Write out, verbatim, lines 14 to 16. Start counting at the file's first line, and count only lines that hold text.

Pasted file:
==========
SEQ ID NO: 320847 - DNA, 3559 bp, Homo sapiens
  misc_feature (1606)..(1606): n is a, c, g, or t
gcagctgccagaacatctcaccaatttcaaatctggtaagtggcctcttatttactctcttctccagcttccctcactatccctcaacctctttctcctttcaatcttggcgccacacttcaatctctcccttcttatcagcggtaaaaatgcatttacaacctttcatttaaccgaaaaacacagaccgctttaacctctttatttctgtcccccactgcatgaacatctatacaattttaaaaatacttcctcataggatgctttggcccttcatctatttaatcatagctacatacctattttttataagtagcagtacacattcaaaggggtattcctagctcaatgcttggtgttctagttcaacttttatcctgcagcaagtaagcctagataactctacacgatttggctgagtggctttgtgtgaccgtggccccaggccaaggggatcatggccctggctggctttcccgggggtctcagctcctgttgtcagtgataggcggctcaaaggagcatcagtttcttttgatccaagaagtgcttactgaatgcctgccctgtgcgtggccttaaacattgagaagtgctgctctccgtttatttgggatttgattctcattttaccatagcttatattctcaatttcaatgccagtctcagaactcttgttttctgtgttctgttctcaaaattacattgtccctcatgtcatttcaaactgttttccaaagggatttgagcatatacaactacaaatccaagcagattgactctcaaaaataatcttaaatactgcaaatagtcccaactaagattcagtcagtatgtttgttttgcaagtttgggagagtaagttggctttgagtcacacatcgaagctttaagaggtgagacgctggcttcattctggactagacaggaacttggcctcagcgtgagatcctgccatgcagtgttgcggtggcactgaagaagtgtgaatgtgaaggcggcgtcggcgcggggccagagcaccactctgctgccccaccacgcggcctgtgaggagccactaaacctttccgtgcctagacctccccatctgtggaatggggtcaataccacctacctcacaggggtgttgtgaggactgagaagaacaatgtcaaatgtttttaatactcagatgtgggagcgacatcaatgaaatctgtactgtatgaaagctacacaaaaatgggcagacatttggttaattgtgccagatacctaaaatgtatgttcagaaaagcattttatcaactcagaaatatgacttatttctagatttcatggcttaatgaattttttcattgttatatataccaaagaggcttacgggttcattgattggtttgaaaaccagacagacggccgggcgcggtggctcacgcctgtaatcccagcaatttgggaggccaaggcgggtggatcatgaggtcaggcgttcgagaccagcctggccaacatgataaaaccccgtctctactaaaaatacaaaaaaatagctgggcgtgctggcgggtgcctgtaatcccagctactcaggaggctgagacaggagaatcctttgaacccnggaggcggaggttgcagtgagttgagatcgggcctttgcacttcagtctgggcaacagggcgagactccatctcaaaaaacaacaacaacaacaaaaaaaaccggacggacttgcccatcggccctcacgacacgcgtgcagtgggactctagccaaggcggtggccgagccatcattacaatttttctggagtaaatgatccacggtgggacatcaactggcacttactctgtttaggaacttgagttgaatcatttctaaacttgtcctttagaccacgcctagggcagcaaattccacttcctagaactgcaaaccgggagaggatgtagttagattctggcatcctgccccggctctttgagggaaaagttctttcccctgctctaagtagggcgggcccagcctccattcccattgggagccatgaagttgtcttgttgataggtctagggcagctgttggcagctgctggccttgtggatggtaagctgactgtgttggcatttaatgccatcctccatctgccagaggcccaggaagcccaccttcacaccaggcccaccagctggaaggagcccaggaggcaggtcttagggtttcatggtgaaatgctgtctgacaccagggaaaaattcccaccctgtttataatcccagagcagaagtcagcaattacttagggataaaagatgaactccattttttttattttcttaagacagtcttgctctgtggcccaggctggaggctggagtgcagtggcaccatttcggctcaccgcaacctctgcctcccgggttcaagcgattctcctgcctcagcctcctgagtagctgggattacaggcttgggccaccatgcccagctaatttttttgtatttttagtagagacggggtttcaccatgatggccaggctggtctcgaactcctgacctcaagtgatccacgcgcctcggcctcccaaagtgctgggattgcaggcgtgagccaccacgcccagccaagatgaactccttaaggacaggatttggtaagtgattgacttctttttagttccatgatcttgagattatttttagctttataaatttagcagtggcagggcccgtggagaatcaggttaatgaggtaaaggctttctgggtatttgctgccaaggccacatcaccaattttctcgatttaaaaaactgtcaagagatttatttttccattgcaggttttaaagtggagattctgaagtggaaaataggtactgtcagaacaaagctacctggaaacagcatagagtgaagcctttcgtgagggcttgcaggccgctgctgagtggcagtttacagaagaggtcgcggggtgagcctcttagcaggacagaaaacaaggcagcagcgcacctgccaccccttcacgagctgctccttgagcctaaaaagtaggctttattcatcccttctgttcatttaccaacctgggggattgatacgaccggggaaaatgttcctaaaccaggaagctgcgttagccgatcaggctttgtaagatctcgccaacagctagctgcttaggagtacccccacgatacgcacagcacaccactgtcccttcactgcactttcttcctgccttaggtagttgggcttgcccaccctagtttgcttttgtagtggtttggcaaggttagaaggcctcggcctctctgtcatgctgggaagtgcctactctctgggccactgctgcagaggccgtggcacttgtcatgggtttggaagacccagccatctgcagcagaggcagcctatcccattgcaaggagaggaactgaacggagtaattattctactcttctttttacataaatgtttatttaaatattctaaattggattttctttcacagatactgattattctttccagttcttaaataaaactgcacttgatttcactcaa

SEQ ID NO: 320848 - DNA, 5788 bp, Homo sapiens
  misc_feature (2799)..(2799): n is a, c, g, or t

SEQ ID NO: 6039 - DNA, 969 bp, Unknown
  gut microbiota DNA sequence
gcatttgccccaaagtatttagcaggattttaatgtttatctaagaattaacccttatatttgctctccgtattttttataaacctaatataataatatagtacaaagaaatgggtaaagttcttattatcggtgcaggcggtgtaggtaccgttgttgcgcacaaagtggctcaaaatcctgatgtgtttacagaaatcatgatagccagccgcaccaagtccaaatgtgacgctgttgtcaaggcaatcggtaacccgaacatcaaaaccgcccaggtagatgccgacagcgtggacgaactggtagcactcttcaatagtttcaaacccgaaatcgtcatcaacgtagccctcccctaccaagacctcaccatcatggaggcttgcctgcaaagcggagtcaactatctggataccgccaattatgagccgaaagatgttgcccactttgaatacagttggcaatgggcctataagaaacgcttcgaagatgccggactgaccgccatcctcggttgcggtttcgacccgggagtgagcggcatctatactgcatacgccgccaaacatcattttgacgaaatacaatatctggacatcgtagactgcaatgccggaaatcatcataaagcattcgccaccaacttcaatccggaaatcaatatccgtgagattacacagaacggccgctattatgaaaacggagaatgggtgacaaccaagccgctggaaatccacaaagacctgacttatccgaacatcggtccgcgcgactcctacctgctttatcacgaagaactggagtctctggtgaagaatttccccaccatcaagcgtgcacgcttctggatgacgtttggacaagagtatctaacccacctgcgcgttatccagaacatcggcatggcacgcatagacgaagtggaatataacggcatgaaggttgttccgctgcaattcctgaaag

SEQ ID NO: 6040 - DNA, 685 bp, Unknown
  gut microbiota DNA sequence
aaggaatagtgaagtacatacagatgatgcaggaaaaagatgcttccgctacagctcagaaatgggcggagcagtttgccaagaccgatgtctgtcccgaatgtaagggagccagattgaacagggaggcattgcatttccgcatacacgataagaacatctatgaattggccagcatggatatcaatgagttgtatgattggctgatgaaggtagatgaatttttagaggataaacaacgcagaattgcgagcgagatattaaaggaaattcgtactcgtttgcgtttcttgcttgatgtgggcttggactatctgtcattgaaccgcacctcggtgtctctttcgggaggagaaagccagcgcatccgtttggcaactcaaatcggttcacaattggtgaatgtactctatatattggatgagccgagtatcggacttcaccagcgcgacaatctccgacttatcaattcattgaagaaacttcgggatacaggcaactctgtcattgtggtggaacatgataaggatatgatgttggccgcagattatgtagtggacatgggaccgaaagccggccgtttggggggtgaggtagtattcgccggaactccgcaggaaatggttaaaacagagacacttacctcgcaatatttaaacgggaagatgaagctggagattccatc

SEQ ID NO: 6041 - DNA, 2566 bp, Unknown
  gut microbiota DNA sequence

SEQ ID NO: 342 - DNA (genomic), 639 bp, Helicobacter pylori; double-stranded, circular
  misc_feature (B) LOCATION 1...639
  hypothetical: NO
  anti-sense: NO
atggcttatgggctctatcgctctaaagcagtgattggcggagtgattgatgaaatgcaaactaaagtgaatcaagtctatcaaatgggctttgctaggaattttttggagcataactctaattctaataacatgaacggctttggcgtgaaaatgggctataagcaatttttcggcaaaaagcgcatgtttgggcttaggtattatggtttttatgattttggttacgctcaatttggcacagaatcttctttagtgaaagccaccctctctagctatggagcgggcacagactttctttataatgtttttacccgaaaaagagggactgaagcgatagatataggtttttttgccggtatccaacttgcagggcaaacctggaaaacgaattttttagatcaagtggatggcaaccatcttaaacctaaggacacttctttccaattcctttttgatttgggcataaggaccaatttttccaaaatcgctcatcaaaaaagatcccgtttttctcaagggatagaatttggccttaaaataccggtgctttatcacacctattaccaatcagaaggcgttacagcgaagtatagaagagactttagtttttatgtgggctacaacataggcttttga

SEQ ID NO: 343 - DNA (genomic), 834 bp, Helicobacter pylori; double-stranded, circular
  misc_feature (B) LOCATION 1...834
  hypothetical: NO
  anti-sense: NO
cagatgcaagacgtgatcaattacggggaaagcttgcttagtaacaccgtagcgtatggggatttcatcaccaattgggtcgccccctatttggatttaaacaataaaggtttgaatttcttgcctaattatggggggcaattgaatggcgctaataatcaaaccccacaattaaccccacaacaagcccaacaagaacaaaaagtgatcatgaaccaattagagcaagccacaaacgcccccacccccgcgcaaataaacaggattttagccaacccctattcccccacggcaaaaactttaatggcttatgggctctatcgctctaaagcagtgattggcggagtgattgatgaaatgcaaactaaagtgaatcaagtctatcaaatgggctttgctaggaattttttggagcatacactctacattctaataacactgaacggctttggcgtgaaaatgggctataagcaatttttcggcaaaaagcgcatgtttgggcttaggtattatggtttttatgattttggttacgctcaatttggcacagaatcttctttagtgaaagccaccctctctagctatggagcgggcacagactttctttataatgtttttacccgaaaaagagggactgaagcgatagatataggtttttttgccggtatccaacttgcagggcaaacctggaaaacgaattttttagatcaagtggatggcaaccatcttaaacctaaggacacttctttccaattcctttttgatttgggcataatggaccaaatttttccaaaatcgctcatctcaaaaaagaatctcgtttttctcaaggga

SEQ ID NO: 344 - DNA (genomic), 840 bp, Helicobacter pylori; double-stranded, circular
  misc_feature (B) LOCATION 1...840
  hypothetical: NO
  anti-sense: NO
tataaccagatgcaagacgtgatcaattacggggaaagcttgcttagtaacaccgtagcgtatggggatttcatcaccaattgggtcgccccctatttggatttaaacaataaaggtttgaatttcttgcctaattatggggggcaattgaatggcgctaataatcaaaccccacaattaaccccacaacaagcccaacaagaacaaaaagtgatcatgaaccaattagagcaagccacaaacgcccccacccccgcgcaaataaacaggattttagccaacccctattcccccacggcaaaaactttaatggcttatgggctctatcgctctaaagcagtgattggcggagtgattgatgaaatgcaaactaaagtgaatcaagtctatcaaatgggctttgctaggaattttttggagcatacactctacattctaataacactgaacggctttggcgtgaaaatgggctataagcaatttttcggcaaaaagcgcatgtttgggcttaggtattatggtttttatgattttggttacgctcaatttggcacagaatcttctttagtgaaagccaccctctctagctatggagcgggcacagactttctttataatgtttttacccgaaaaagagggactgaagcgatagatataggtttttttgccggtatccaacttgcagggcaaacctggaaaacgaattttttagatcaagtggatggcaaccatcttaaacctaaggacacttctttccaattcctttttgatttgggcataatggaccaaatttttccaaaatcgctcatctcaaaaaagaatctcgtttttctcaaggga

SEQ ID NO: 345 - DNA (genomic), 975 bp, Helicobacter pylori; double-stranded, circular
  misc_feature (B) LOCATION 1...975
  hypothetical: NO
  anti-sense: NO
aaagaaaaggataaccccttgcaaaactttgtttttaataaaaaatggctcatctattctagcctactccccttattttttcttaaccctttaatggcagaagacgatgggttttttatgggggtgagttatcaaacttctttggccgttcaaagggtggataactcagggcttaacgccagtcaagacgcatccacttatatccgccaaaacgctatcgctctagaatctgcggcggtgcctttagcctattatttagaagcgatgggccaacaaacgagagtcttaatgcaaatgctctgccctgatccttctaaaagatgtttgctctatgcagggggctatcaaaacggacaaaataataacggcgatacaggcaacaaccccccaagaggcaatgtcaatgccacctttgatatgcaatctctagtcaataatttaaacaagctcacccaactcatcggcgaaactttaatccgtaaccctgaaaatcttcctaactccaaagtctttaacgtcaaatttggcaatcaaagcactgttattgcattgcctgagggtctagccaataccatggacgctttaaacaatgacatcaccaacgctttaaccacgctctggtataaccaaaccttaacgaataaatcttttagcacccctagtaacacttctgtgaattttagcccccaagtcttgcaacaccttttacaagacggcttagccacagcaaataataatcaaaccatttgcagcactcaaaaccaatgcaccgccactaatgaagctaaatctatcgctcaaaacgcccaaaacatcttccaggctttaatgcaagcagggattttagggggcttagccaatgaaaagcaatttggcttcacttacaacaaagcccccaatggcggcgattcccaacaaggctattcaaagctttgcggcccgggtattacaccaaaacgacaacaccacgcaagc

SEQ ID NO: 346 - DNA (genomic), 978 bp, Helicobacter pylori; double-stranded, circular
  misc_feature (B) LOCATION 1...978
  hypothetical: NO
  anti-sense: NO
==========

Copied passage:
SEQ ID NO: 342 - DNA (genomic), 639 bp, Helicobacter pylori; double-stranded, circular
  misc_feature (B) LOCATION 1...639
  hypothetical: NO